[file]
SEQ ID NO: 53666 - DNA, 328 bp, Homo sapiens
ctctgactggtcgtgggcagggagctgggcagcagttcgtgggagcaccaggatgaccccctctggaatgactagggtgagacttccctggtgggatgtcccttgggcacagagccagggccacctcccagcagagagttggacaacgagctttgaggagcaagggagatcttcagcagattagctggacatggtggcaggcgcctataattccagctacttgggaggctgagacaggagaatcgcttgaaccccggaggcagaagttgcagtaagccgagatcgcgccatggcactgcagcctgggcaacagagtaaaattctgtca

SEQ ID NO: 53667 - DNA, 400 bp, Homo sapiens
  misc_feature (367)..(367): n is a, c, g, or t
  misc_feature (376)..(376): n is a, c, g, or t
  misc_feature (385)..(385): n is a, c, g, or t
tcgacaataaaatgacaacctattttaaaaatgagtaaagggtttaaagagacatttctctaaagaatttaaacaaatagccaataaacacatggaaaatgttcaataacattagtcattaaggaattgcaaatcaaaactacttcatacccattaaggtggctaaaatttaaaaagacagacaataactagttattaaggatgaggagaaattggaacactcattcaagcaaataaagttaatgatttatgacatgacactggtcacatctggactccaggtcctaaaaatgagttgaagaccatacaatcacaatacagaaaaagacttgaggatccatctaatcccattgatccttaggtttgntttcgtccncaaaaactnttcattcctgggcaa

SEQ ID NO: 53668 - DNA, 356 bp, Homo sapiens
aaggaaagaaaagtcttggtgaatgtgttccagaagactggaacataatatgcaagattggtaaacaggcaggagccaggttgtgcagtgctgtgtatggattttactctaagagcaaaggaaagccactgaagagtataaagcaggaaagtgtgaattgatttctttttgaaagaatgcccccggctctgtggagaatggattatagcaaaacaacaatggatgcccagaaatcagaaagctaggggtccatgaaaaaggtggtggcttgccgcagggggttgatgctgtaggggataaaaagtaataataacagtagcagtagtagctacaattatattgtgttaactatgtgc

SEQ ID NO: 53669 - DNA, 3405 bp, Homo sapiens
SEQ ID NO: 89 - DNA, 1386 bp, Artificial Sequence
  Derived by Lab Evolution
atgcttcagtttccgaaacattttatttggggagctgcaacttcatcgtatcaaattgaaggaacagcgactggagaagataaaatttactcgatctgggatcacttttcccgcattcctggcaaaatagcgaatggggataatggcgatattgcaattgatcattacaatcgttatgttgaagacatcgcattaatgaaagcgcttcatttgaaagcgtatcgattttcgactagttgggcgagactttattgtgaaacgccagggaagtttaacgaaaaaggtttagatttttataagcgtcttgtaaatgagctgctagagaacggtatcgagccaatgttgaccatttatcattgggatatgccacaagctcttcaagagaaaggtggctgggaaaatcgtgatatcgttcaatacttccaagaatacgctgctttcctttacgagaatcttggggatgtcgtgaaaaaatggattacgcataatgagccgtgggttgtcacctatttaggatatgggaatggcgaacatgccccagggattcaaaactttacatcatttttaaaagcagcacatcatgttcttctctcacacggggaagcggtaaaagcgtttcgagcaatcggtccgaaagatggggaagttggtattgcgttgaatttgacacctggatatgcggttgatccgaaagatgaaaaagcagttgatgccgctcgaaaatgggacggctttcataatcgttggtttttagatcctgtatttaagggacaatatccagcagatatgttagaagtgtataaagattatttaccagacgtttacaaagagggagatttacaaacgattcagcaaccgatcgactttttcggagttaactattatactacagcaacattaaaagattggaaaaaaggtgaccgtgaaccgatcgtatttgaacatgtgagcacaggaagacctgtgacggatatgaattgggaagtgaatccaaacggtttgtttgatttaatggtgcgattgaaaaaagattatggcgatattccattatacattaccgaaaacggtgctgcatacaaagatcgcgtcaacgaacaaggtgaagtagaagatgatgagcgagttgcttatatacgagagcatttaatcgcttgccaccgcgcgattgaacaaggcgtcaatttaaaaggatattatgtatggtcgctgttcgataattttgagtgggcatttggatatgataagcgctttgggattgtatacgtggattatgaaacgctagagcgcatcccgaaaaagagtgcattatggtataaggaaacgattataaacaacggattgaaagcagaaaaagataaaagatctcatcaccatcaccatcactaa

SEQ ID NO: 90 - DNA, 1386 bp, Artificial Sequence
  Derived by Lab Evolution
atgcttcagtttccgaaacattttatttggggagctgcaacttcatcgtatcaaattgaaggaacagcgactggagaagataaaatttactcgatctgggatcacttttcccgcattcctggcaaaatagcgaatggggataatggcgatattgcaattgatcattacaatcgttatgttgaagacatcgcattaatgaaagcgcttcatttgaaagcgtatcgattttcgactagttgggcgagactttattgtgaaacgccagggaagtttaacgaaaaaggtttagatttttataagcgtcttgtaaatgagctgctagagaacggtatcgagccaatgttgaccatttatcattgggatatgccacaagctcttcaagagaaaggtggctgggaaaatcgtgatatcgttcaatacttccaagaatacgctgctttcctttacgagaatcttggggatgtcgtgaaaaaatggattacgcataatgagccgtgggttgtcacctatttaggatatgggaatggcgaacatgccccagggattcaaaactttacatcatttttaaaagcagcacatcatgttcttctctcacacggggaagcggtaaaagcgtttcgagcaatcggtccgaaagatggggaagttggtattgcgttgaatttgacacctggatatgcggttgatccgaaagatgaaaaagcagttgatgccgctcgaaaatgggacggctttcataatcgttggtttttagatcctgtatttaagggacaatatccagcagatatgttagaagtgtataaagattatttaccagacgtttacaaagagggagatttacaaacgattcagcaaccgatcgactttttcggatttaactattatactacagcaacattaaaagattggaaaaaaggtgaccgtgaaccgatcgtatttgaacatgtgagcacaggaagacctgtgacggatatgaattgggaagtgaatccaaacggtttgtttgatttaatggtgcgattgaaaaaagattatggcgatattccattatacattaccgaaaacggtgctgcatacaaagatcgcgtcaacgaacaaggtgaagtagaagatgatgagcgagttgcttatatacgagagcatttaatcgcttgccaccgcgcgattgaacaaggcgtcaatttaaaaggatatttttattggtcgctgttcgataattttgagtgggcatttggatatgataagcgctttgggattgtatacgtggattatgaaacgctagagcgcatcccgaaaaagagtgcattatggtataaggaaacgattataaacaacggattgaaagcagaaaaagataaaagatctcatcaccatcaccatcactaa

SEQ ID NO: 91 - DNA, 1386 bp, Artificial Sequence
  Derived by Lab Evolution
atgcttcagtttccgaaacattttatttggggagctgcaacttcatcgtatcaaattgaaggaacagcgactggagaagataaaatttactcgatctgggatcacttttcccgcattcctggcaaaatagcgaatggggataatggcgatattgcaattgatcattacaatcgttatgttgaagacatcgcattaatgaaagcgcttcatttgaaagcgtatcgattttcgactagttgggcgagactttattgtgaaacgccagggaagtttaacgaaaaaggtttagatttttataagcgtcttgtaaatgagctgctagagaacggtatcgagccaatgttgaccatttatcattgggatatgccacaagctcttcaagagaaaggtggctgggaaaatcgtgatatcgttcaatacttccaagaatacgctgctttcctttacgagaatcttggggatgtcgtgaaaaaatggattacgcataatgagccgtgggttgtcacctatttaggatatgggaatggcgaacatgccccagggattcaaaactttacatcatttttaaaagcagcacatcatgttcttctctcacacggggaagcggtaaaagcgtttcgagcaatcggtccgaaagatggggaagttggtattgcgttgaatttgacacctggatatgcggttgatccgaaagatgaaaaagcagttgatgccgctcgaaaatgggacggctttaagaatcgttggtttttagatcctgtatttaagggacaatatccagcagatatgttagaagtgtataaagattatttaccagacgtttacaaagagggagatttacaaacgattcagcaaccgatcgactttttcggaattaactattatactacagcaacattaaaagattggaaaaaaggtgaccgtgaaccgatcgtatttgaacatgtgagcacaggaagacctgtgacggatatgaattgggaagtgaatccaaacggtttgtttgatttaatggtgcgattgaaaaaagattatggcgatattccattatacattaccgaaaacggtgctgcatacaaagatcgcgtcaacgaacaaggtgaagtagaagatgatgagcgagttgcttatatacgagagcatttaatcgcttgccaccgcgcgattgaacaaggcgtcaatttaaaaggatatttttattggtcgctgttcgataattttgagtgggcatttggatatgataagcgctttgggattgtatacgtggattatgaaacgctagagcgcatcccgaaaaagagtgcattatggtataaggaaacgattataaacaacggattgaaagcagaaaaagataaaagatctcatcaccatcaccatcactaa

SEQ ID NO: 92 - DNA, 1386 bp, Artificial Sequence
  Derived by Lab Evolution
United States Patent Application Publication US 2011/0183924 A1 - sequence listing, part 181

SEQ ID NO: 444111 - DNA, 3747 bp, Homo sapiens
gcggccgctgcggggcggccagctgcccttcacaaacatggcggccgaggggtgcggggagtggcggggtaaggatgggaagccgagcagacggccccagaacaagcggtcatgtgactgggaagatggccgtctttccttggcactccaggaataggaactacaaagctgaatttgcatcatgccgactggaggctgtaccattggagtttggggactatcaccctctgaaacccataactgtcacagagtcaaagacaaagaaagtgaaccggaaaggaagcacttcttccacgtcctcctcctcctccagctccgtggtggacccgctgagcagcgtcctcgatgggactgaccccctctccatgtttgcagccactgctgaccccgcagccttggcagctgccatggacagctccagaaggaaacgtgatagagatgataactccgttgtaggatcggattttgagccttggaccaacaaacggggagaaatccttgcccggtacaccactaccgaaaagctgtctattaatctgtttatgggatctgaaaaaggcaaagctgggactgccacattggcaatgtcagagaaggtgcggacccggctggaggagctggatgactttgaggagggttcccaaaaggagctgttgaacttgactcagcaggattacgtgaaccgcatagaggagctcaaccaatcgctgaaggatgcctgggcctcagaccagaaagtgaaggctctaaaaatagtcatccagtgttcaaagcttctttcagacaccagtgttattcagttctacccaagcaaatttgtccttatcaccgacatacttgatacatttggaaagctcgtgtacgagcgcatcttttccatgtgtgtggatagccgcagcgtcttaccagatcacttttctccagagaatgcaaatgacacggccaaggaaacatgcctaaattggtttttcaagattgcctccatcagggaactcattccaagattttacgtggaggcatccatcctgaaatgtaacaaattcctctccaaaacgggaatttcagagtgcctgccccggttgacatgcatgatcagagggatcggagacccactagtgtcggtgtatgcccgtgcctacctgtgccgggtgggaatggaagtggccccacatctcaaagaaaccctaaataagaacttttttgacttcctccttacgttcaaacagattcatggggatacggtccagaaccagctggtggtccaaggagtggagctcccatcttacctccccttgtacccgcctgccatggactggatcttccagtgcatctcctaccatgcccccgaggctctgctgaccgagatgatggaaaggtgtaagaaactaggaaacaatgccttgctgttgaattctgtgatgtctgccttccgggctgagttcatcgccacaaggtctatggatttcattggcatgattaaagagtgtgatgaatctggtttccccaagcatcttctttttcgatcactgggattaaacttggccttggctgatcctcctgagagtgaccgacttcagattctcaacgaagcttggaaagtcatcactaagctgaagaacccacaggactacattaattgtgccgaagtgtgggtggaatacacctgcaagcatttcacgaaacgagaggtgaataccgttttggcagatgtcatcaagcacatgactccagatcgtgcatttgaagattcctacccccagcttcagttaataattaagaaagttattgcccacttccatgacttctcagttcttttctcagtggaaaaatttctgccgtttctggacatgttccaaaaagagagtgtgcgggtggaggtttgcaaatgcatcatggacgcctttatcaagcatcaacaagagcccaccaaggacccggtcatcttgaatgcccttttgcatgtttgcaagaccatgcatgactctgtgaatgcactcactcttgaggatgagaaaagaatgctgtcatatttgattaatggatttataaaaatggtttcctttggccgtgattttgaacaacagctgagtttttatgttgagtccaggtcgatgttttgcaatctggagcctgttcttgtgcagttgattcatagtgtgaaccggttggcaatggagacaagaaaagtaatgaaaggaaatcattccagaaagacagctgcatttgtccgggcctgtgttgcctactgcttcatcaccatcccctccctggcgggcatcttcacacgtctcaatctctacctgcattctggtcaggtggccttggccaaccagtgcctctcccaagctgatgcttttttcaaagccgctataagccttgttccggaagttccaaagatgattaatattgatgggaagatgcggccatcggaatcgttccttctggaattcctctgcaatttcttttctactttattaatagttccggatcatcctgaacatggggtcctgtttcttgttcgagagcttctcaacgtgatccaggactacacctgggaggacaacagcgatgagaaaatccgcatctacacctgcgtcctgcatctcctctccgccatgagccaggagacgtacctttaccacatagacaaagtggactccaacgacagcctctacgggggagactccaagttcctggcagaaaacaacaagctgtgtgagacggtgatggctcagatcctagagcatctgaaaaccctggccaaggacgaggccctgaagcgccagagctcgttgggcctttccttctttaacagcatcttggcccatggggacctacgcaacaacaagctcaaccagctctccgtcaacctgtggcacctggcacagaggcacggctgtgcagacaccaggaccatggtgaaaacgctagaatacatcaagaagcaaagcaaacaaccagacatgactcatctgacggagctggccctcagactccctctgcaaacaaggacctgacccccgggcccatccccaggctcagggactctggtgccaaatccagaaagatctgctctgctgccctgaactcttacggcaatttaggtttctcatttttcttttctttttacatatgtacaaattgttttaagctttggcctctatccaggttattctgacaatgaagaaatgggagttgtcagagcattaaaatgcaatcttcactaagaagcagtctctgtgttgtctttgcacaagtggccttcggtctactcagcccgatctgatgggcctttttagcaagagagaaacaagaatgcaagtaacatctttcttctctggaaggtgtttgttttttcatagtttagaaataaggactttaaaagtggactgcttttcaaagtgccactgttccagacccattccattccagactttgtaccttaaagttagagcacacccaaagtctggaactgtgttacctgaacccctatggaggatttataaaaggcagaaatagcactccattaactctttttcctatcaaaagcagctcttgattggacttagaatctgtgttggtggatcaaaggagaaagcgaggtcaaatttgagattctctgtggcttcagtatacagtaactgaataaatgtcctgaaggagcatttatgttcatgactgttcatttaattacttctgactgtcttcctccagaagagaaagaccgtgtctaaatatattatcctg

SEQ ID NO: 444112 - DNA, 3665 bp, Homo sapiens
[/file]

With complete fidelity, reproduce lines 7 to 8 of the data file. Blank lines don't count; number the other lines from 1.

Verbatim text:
tcgacaataaaatgacaacctattttaaaaatgagtaaagggtttaaagagacatttctctaaagaatttaaacaaatagccaataaacacatggaaaatgttcaataacattagtcattaaggaattgcaaatcaaaactacttcatacccattaaggtggctaaaatttaaaaagacagacaataactagttattaaggatgaggagaaattggaacactcattcaagcaaataaagttaatgatttatgacatgacactggtcacatctggactccaggtcctaaaaatgagttgaagaccatacaatcacaatacagaaaaagacttgaggatccatctaatcccattgatccttaggtttgntttcgtccncaaaaactnttcattcctgggcaa

SEQ ID NO: 53668 - DNA, 356 bp, Homo sapiens